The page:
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Biophysics, Bioengineering, and Nanomedicine

I. Real-Time Live-Cell Imaging of Intracellular Processes

II. Functional Abiotic Nanosystems for Intracelluar Prostheses

 

 

Real-Time Live-Cell Imaging of Intracellular Processes

     The ability to examine intracellular structure and processes in live cells is fundamental to understanding phenomena underlying diseases and pathways for intervention. To address issues of clinical importance (chosen in conjunction with colleagues in the USC Keck School of Medicine) we are embarked upon studies utilizing optical microscopy, spectroscopy, and imaging of live cells. To find out more, please click on the categories below or click here to read our paper.

 

I. Epifluorescent and Confocal Microscopy

II. Near-Field Optical Microscopy

III. Real-Time Imaging of Cells Under Stress

 

Functional Abiotic Nanosystems for Intracellular Prostheses


The Concept of Functional Abiotic Nanosystem (FAN):

    To examine intracellular processes and to create intracellular prostheses, we have introducted the concept of Functional Abiotic Nanosystems (FAN). FAN's are nanoscale systems that perform an active function and consist of appropriately engineered composites of nanoscale building blocks such as organic/biochemical (but abiotic) nanoparticles or inorganic nanocrystals (such as quantum dots, quantum rods, etc.). The FAN's provide higher level functions beyond, for example, the current simple uses of individual quantum dots as imaging labels or local heaters. An implementation of the FAN concept is the modulation of transmembrane potential of neuronal cells through its strategic placement near ion channels. This is shown schematically in figure 1 where the FAN is activated to provide change in local electric field. The active function is to induce channel opening upon external stimulation (e.g. via photon). In this way, a FAN acts as a nanoscale intracellular prosthesis.


Fig. 1: Schematic showing strategic placement of FAN near ion channel protein to induce gate opening upon external stimulation.

 

The first application of FAN being investigated is potentially restoring vision for individuals with blindness due to the loss of photoreceptors in an otherwise intact retina. To learn how we propose to achieve this, please read on.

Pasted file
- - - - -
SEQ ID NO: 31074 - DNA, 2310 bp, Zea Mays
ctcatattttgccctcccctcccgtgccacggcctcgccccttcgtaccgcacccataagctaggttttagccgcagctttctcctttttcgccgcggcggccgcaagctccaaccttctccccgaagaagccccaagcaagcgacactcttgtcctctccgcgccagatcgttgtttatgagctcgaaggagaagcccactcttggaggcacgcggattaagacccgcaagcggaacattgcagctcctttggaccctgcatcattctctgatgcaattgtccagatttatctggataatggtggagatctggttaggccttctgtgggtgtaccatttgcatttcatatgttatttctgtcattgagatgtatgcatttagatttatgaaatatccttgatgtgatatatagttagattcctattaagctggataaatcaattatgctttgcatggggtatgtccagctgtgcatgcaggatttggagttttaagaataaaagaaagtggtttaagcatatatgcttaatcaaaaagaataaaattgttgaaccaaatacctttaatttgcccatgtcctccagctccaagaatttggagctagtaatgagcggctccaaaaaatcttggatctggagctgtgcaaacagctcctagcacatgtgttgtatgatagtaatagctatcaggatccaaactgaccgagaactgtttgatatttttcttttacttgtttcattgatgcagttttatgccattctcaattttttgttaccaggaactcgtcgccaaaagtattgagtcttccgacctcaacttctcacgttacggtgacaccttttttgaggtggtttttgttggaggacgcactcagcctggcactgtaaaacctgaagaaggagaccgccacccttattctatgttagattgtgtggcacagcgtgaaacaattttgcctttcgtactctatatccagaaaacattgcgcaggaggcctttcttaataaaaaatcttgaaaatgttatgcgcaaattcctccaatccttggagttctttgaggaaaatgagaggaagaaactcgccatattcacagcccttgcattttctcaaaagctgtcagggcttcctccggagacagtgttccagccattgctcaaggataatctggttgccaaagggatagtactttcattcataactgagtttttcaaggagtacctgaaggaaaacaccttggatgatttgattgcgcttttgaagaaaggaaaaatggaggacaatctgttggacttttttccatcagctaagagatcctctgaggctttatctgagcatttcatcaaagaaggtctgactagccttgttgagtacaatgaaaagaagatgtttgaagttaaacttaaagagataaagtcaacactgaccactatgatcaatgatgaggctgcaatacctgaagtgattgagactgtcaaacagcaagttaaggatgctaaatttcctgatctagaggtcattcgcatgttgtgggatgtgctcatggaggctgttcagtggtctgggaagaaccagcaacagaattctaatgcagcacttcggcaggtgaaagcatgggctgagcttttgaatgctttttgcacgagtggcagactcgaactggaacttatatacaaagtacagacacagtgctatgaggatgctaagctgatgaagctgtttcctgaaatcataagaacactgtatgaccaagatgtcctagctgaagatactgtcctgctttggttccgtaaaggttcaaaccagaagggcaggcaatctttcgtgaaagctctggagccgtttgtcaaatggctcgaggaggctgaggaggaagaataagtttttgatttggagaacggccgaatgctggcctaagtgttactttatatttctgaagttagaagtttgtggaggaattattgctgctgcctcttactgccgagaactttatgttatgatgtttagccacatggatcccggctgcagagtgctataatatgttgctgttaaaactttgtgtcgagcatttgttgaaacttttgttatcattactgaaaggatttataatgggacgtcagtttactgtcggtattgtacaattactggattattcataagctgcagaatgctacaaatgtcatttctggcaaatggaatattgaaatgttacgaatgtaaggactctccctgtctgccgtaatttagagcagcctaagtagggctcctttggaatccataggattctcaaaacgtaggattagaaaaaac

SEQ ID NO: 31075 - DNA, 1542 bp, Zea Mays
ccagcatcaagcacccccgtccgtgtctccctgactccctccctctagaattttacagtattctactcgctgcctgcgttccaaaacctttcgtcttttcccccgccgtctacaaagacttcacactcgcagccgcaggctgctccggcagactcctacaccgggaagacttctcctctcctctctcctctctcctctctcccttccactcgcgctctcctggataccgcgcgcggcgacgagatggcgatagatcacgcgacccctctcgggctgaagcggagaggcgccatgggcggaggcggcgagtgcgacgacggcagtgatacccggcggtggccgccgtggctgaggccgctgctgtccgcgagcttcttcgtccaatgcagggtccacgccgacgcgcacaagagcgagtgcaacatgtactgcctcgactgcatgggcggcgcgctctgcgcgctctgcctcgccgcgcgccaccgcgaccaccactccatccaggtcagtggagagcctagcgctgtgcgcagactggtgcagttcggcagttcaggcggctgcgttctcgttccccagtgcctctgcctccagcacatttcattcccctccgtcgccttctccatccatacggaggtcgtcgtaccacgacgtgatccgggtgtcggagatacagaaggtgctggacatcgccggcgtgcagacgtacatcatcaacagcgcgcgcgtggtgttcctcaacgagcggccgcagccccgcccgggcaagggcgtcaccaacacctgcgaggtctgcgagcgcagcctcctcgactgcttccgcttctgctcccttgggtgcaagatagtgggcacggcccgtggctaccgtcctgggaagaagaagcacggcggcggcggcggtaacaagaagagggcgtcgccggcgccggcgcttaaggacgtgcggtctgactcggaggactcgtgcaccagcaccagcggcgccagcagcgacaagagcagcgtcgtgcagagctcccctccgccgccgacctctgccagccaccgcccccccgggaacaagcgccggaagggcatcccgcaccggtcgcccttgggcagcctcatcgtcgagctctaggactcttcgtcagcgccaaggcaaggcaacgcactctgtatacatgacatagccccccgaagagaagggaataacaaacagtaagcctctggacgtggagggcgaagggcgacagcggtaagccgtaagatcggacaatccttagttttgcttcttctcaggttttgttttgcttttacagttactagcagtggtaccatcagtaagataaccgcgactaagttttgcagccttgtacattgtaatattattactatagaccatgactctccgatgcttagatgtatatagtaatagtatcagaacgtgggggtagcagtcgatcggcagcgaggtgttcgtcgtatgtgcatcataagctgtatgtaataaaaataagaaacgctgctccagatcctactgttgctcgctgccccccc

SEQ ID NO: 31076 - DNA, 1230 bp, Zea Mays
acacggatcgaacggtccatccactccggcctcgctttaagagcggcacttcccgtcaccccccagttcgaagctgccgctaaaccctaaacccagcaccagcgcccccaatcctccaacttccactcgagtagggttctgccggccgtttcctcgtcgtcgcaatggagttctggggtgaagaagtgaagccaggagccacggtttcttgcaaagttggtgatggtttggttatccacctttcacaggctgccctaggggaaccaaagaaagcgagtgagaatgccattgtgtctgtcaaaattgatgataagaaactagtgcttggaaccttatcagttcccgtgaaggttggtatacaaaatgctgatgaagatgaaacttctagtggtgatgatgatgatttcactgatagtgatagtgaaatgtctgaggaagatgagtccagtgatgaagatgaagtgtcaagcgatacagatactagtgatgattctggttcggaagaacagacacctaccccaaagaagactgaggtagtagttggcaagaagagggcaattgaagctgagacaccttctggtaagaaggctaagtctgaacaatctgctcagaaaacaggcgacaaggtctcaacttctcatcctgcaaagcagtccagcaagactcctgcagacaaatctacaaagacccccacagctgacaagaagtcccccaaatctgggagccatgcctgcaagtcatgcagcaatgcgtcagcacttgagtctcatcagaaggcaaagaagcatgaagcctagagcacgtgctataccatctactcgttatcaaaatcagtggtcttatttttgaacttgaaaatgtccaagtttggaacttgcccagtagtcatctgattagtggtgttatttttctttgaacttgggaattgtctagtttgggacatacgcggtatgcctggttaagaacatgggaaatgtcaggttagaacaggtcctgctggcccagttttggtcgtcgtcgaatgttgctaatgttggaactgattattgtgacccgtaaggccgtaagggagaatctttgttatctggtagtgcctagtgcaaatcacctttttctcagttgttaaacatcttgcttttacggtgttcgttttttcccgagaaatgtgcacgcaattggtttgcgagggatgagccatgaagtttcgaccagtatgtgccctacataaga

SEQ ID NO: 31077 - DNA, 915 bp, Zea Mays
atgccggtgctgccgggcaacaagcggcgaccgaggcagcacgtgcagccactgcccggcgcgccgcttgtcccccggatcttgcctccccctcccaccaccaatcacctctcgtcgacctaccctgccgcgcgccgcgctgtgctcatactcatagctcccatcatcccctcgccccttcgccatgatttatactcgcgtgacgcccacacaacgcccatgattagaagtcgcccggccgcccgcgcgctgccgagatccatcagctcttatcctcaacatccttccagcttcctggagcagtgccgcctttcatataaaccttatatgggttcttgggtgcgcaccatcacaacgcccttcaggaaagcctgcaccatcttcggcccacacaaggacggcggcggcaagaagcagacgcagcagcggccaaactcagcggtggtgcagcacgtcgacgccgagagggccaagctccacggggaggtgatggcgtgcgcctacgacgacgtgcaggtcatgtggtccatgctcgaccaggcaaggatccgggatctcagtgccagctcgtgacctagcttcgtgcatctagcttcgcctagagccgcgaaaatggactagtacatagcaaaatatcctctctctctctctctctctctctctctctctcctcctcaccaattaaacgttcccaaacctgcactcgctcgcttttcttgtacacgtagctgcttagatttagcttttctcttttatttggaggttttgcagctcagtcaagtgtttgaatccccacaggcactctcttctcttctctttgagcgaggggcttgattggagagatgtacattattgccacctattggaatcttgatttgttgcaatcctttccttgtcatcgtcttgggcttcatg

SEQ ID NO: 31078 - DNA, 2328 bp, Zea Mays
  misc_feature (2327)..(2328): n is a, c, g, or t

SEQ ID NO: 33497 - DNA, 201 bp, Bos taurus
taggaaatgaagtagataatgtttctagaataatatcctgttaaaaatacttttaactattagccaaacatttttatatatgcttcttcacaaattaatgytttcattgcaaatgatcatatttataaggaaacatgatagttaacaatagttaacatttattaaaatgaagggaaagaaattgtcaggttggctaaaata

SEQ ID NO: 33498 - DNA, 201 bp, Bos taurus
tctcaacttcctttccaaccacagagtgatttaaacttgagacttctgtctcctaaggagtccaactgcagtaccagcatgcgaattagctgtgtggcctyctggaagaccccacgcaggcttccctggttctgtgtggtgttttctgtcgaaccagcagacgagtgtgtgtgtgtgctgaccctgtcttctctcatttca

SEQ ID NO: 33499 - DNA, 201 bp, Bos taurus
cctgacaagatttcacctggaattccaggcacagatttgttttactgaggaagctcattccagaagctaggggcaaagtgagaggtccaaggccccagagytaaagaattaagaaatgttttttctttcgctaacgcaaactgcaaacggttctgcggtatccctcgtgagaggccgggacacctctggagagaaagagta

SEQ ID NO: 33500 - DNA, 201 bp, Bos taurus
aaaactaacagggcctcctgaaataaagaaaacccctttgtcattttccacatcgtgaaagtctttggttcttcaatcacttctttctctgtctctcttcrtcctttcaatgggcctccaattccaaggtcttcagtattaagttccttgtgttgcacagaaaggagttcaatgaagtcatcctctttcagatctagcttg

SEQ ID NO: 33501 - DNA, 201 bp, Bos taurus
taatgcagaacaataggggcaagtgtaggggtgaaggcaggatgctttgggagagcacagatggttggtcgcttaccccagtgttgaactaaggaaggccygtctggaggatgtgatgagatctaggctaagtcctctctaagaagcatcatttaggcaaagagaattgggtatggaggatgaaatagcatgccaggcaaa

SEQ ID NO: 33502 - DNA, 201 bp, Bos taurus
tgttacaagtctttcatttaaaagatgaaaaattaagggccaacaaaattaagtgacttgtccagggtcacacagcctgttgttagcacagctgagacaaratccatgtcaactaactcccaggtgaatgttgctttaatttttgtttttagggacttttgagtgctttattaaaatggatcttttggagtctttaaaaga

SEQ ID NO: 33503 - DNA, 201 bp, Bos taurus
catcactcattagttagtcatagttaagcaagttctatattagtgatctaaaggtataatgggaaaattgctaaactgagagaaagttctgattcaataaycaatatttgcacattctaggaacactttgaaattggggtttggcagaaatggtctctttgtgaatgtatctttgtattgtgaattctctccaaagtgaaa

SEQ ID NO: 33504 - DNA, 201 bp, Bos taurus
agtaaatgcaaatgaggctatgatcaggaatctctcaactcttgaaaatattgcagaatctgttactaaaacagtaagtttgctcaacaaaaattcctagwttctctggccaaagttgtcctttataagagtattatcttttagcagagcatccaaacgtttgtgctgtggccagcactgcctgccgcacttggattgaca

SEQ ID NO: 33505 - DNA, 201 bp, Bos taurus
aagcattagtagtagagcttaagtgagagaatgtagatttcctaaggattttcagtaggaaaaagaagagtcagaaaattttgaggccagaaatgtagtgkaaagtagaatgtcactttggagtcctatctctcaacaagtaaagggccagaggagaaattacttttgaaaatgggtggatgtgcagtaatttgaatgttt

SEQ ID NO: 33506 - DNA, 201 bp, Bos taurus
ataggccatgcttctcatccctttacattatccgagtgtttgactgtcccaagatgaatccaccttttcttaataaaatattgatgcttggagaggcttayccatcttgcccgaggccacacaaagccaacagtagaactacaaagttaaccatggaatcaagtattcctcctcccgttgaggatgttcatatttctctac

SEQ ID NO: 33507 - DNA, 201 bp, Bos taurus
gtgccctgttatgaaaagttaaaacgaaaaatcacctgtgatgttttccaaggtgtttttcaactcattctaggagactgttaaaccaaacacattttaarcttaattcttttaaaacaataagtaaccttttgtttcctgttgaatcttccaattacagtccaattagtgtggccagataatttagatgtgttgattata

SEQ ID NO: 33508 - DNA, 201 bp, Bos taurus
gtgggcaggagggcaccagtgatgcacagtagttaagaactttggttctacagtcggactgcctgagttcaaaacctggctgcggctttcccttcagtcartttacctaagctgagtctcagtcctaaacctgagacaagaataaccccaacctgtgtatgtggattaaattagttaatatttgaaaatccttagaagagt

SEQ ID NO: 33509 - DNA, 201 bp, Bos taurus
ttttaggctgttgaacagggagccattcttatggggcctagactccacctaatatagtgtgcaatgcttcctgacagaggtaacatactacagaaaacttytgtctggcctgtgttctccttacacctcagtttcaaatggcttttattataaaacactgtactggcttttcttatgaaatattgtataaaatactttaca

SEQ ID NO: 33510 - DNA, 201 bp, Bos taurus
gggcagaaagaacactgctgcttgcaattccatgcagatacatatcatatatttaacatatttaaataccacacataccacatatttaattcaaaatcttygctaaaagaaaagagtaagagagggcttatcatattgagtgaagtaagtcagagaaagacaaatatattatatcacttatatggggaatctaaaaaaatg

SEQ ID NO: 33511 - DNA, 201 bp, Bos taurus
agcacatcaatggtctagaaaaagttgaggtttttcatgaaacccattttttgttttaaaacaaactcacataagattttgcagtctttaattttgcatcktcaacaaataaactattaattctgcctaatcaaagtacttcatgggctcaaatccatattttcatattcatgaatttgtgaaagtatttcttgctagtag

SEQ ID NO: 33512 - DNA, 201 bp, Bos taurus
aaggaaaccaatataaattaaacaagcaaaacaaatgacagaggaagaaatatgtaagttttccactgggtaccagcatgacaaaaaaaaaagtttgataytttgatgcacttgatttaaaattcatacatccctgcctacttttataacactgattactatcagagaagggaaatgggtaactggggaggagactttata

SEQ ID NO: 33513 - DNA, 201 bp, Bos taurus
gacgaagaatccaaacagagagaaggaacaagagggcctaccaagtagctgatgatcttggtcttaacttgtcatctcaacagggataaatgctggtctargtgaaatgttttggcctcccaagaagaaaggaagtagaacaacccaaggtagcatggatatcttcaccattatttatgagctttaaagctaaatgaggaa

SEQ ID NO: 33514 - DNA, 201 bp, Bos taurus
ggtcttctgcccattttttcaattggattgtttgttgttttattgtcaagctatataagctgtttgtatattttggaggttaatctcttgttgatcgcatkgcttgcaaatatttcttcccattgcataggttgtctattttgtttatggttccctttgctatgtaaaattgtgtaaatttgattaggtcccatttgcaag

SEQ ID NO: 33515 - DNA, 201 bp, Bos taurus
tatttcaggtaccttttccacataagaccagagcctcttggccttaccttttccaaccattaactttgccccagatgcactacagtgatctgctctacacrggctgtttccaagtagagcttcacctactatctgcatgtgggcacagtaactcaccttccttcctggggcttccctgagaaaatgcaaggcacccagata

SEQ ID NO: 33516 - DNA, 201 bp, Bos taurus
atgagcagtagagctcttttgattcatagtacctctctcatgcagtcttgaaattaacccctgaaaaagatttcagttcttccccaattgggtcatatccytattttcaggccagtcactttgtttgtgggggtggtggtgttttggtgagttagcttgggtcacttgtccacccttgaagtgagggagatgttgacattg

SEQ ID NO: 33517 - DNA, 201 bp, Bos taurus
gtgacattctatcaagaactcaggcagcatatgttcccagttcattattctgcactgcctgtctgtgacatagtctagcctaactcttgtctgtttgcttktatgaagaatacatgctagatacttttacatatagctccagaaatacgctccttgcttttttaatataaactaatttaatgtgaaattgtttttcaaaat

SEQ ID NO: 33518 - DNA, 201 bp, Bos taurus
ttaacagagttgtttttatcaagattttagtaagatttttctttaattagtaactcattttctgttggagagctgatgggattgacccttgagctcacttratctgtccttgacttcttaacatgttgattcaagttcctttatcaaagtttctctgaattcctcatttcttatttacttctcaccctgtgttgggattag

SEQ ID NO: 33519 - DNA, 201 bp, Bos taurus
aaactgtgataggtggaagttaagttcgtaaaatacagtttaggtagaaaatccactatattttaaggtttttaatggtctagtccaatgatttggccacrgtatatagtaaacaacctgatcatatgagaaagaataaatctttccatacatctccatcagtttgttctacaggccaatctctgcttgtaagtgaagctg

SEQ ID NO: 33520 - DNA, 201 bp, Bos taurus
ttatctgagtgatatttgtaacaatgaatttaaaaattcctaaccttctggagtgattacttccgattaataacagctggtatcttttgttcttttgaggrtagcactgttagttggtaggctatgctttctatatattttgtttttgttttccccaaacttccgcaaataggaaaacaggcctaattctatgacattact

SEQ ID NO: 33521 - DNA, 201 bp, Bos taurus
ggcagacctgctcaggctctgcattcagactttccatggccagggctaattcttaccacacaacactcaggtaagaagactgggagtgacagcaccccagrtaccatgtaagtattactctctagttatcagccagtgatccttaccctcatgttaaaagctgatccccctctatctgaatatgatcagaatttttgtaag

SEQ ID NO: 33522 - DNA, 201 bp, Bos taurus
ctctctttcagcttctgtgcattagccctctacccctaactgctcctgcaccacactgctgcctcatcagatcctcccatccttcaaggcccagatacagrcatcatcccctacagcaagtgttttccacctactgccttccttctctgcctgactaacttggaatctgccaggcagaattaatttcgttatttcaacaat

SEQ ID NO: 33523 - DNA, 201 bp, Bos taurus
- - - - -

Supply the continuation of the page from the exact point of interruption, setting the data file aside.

Functional Abiotic Nanosystem (FAN) as a Nanoscale Photodiode for Retinal Prosthesis

    "This non-invasive electrical stimulation using embedded FAN may offer a variety of oppotunities ranging from probing fundamental intracellular electric processes to endowing/restoring light sensitivity to retinal neurons (such as the retinal ganglion cells) and serving as nanoscale devices for visual prosthesis." [1] A FAN as a cellular-prosthesis for retinal stimulation is shown schematically in figure 2. FANs designed to act as nanoscale photodiodes are to be embedded directly in the plasma membrane of retinal ganglion cells (RGCs). Upon light excitation, the induced photovoltage created by the FAN's may be tailored to modulate the transmembrane potential sufficiently to open nearby ion channels. Such opening can trigger action potential which travel down the optic nerve to the visual cortex and lead to sensation of vision.

    The idea of stimulating retinal ganglion cells in patients blind due to loss of photoreceptors is being actively pursured by a number of groups including a team of researchers at USC (BMES), including us. However, all such efforts use microelectronics based macroscopic implants (Fig. 3) much like the cochlear implants used to restore hearing in the deaf. Employing engineered photovoltaic FAN's embedded directly in the retinal ganglion cells, as we are embarked upon, would obviate the need for such macroscopic implants, requiring only an injection of FAN's into the eye. A major advantage of our approach is its minimally invasive nature.


Fig.2 Nanoscience based paradigm to restore vision: Direct stimulation of retinal ganglion cells using trans-membrane embedded photosensitive Functional Abiotic Nanosystem (FAN).

 

Fig.3 Current paradigm to restore vision: stimulate ganglion cells using implanted macroscopic electrodes.

See our paper for more details

S. Lu and A. Madhukar, "Cellular prostheses: functional abiotic nanosystems to proble, manipulate, and endow functions in live cells." Nanomedicine: Nanotechnoloty, Biology, and Medicine, 6, 409-418 (2010) [CLICK HERE]

References:
[1] Siyuan Lu, Ph.D. Dissertation, chapter 7, pp 337, University of Southern California, 2006.



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